Sporty Sentences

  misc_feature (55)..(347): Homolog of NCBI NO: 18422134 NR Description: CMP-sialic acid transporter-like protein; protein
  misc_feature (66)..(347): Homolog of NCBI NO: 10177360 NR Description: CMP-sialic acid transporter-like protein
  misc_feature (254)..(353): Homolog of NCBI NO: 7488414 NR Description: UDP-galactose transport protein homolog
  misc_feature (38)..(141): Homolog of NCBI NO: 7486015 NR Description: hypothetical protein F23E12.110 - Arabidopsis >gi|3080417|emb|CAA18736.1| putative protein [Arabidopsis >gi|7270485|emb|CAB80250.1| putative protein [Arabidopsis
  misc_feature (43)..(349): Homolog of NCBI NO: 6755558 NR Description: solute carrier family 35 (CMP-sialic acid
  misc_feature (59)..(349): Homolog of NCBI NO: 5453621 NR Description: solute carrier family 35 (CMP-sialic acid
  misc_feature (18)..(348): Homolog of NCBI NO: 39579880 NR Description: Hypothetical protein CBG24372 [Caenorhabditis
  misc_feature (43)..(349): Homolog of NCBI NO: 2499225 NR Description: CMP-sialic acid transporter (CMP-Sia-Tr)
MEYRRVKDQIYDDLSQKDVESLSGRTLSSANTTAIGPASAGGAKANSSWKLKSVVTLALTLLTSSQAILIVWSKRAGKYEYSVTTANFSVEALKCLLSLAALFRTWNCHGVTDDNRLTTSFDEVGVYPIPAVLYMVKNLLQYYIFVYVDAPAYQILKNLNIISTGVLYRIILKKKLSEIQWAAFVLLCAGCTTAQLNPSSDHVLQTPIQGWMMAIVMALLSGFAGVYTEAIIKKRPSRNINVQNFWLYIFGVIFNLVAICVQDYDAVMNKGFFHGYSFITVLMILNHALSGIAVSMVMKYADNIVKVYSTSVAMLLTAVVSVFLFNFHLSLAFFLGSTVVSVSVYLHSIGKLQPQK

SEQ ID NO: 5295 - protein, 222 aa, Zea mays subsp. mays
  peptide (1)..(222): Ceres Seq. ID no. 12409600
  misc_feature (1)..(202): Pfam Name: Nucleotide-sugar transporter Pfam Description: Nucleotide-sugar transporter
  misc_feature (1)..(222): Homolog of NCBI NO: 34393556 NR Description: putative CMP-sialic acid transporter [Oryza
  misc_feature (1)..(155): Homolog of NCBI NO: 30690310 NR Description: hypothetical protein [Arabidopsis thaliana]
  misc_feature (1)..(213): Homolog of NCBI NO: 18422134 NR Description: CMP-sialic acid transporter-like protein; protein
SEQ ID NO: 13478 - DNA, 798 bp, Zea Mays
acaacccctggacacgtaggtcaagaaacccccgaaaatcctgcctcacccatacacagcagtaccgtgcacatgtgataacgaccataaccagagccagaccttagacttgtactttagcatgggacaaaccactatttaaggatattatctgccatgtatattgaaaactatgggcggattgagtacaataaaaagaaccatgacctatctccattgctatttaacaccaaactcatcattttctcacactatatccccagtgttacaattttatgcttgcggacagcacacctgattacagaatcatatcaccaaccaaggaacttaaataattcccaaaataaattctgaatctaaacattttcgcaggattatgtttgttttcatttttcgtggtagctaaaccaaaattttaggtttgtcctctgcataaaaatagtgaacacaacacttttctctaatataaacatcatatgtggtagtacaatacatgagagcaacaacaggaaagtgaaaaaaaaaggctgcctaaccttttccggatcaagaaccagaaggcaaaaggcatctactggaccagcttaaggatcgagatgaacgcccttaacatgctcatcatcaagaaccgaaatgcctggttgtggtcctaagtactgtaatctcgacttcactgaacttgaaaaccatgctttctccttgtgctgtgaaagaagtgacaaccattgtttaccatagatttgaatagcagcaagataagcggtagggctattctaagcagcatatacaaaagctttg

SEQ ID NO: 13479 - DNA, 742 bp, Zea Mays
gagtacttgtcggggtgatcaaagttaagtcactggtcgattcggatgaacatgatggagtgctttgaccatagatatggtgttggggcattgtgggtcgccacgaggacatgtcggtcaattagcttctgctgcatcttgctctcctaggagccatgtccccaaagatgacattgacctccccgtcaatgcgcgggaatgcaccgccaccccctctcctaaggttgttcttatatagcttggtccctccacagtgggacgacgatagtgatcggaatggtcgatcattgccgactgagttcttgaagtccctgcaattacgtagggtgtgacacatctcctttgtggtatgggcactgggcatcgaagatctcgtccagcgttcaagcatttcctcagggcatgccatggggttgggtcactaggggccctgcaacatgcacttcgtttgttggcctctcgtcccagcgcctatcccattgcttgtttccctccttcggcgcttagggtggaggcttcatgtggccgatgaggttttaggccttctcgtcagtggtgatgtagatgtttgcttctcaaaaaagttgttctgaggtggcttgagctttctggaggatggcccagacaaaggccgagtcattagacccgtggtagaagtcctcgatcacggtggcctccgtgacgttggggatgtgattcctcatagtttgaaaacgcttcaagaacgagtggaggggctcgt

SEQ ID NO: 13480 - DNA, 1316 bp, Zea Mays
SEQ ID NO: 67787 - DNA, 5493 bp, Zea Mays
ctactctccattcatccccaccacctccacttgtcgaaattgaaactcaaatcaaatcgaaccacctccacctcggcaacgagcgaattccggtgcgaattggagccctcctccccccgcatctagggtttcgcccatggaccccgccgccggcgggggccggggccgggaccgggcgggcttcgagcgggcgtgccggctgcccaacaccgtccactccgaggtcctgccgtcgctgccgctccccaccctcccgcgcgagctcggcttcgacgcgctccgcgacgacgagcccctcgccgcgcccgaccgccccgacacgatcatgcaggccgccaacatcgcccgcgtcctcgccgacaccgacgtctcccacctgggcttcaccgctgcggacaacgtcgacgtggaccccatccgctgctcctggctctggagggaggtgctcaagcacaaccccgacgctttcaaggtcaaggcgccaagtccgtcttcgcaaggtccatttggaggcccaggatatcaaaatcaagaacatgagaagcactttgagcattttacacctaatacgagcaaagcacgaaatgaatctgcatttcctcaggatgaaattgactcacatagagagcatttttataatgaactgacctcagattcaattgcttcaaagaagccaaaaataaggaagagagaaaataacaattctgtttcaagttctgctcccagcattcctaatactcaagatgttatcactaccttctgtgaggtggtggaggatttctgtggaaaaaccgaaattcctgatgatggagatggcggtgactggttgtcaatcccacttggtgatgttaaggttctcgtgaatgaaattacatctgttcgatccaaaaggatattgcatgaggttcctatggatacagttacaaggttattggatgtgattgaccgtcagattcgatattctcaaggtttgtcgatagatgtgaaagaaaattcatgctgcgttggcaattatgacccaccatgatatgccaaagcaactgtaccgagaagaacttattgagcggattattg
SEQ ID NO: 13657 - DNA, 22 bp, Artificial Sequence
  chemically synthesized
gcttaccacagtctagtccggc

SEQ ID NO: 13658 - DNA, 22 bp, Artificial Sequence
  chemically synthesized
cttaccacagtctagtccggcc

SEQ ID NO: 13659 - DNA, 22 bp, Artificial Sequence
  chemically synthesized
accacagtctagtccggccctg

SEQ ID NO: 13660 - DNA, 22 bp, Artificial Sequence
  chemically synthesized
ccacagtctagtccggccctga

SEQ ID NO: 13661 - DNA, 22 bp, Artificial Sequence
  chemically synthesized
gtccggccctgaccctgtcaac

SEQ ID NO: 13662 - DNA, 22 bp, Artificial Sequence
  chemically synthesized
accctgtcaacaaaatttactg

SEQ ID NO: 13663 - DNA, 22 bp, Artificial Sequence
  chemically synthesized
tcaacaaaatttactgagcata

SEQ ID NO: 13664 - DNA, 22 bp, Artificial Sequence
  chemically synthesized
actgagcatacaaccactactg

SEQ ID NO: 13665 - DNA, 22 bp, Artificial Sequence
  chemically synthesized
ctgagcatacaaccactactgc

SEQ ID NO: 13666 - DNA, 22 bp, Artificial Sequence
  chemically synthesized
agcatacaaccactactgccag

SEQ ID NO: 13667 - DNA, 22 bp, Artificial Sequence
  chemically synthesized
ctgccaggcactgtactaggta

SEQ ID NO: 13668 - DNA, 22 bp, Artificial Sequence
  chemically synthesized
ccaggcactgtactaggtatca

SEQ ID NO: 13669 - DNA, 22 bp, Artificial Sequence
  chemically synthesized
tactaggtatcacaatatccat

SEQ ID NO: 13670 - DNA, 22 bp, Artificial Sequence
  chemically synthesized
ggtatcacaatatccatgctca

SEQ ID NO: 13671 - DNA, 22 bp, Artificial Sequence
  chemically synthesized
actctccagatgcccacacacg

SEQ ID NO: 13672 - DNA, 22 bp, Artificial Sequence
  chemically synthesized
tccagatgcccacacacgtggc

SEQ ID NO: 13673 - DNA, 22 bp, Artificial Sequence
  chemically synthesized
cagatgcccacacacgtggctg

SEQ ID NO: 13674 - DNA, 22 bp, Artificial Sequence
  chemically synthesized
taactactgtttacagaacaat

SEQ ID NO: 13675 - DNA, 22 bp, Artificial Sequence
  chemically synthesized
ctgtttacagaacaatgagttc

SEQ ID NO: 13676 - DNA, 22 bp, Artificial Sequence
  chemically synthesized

David Halberstam was one of the great journalists of our era. He covered civil rights in its early days, in Nashville, Tenn., while still in his 20s. He covered Vietnam right after that, also in its early days, for The New York Times.Unlike today's embedded shills, Halberstam stood up to power being misused and became famous in the process. His articles from Saigon gave the lie to body counts and the "surges" of those bygone days. He won a Pulitzer Prize for work often composed literally under the gun.His first few books were novels and short biographies (of Bobby Kennedy and Ho), but he burst into the general public's consciousness with "The Best and the Brightest," a deep delve into how America's leadership in those days-McNamara, Rusk, the Kennedys et all, got us into Vietnam and then couldn't get us out. He also wrote, "The Powers That Be," a combined historical biography of the Washington Post, The LA Times and CBS News. His take on the rising power of modern media was fascinating, even to his many readers who were not journalists or entertainers masquerading as journalists.My favorite Halberstam history is called simply, "The Fifties" and features capsule biographies of everyone from Gen. Douglas McArthur to Sen. Joe McCarthy. And The Beats.His major histories were major efforts, stretching to 500 or 600 pages, and taking five or six years to finish. In between epics, Halberstam began writing some of the best sports journalism ever done in the United States His book about the late '70s Portland Trailblazers, "The Breaks of the Game," has never been bettered by NBA scribes. His baseball histories, including "The Summer of '49" about the pennant race between Ted Williams' Red Sox and Joe DiMaggio's Yankees, are wonderful reads.Halberstam was working on a book about the first NFL Championship game to capture the American public's attention, the 1958 title between the Baltimore Colts, featuring Johnny Unitas, and Frank Gifford's New York Giants, when he was killed in a car crash on April, 23, 2007."Everything They Had," is a collection of his shorter sports pieces, which he published over a 50-year span in Sports Illustrated, at, and many other venues. Halberstam loved baseball, football and basketball, and was also an avid fisherman. "Everything They Had" is full of five and six-page gems of sports reporting, and some wonderful capsule biographies, too. The famous-Ted Williams, Ali and Jackie Robinson-are all here, but so are some lesser known sporting lights like Tommy Kearns-read the book to find out who he is. "Everything They Had" is a great treat for sports fans but it will work almost as well for fans of clear, witty, sharp writing. Halberstam was of his time and understood it well.[[In-content Ad]]